## Less Than, Greater Than

Put either a "less than" symbol or a "greater than" symbol between the two numbers. You can choose the range (1 - 100, 1 - 1,000 or 1 - 10,000).

## Circle Tool

Students have to choose the correct operation to solve each problem, which can involve radius, diameter, circumference and area.

Students can also do an investigation to discover that for any circle, circumference divided by diameter is always about 3.14. Neat activity!

http://illuminations.nctm.org/ActivityDetail.aspx?ID=116

## Concentration Memory Game

Concentration Memory Game

You can choose to play the game to revise number facts, fraction concepts or fraction-decimal-percent conversions. Very nice implementation!

http://illuminations.nctm.org/ActivityDetail.aspx?ID=73

## Free Ride

First choose the front and rear wheels of the bike, and then start pedalling. How far do you go?

http://illuminations.nctm.org/ActivityDetail.aspx?ID=178

## One to Ten

The computer randomly chooses 4 digits. Use the four digits and the arithmetic functions - Addition, Subtraction, Multiplication and Division (and also Exponents and Parenthesis) to form the numbers from 1 to 10.

http://www.theproblemsite.com/games/onetoten2.asp

## Fractional Hi-Lo

The computer has selected a fraction at random. Your job is to determine the fraction by guessing. The computer will tell you if you are too high or too low. A great way for students to practice ordering fractions.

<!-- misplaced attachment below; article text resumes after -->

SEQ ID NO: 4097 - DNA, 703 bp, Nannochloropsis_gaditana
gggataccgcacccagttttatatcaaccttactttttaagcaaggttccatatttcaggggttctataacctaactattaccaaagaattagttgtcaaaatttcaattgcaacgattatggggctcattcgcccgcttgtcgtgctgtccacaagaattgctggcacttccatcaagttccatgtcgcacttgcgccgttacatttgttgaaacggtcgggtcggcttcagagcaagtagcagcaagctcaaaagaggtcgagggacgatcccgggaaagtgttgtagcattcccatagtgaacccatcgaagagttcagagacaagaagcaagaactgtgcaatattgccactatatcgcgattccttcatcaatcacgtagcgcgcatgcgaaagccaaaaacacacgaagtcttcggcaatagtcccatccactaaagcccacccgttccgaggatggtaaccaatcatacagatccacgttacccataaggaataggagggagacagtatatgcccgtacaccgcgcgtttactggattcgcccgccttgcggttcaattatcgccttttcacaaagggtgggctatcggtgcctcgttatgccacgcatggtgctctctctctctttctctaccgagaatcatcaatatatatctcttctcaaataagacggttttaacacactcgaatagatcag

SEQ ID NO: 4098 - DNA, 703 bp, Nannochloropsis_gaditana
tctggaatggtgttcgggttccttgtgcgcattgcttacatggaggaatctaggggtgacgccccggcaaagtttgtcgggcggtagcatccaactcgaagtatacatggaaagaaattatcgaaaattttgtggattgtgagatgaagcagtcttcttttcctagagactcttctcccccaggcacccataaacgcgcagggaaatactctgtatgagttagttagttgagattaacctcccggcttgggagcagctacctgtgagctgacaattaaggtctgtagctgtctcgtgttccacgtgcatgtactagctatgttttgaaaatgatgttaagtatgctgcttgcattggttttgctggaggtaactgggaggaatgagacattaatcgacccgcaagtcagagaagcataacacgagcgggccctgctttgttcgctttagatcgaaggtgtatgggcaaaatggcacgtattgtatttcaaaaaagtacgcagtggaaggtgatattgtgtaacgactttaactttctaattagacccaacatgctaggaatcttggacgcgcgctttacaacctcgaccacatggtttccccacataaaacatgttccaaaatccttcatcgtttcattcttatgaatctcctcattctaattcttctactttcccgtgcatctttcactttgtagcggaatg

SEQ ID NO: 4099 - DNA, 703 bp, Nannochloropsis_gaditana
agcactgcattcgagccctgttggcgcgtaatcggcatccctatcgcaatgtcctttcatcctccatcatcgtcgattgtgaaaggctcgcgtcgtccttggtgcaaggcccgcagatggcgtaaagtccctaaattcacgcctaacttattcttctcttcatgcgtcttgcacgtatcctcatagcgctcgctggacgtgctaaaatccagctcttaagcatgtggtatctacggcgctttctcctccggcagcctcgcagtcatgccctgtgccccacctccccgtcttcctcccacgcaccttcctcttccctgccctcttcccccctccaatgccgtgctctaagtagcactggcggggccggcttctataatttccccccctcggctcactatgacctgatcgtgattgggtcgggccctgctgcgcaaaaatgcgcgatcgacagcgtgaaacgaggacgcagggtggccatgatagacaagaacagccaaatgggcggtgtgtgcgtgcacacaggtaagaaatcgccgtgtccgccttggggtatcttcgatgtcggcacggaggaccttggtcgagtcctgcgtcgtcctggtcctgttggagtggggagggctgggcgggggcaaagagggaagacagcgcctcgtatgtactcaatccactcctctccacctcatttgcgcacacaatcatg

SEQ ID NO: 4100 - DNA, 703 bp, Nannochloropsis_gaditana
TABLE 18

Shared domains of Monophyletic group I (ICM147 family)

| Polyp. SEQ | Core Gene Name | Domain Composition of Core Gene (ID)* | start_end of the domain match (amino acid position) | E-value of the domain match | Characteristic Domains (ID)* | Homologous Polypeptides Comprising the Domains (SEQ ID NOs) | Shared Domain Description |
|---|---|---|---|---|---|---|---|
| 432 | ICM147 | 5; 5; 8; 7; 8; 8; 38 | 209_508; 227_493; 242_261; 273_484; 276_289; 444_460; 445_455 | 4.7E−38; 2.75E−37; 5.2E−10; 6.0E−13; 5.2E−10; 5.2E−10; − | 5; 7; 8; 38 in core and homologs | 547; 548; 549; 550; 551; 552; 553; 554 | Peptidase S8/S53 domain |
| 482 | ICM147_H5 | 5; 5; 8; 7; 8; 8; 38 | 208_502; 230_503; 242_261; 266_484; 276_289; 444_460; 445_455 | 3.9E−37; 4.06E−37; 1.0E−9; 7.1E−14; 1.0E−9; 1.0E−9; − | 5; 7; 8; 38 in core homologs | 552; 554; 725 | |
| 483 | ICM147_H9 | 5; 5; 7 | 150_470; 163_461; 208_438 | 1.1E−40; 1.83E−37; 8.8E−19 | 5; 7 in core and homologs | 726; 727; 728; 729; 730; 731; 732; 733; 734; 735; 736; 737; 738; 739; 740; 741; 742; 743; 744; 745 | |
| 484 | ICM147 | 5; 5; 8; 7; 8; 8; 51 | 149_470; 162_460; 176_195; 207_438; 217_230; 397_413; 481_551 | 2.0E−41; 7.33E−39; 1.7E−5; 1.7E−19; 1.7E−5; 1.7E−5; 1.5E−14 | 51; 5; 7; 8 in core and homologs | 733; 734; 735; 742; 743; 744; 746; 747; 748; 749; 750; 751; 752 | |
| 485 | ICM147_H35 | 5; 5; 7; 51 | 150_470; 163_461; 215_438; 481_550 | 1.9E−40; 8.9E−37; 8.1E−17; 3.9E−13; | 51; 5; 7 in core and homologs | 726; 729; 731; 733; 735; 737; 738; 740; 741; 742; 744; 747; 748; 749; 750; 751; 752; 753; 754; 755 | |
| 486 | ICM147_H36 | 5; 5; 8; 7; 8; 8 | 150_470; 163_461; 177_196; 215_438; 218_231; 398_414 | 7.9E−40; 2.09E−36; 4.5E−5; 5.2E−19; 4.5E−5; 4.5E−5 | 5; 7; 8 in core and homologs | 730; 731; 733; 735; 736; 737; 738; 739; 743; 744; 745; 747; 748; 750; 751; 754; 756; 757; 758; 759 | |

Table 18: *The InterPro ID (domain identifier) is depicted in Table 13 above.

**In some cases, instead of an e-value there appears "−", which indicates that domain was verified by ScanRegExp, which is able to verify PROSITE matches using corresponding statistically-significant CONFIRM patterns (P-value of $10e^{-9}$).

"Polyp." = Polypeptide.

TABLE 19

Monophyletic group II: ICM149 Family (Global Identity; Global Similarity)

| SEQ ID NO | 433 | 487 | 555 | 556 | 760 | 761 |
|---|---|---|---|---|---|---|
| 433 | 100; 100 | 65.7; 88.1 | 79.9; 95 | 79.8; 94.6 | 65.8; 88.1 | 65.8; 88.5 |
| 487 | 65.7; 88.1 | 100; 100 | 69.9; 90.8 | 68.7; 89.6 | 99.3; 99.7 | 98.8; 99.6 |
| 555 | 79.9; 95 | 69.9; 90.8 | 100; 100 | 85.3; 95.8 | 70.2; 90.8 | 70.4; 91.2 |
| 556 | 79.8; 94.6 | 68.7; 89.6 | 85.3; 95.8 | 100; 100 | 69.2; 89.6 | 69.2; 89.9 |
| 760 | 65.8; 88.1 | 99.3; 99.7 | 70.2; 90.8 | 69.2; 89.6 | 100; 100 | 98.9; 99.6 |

http://www.theproblemsite.com/games/hilo.asp

Type in one or more words, separated by commas. Google Trends will display line graphs showing the number of searches on those words over the past five months, along with other interesting graphs and statistics.

For example, type: math|maths, coffee (the vertical bar acts like "or"). The data and graphs show that overall more people are searching for maths than for coffee. But not in Washington DC.

Lots of good fun and good maths to be had here.

## Cereal Box Problem

Each box of Cheerios (a breakfast cereal) contains a prize. There are 6 different prizes. On average, how many boxes of Cheerios do you need to buy to get all 6 different prizes? This web page is a colourful simulation of the problem.

http://www.mathwire.com/data/CerealApplet.html

## Factors and Multiples Puzzle from Nrich

There is a cool puzzle at the Nrich website called the Factors and Multiples Puzzle, which can be found on-line at http://nrich.maths.org/public/viewer.php?obj_id=5448

I have created a flipchart to support the use of this puzzle in the classroom. Enjoy!

## Chartgame - Share Market Game

You are shown the actual share price and trading information for an unknown company over a period of time. Use this information to try to choose the best times to buy and sell shares. How did you do over a year? Three thumbs up!

http://chartgame.com/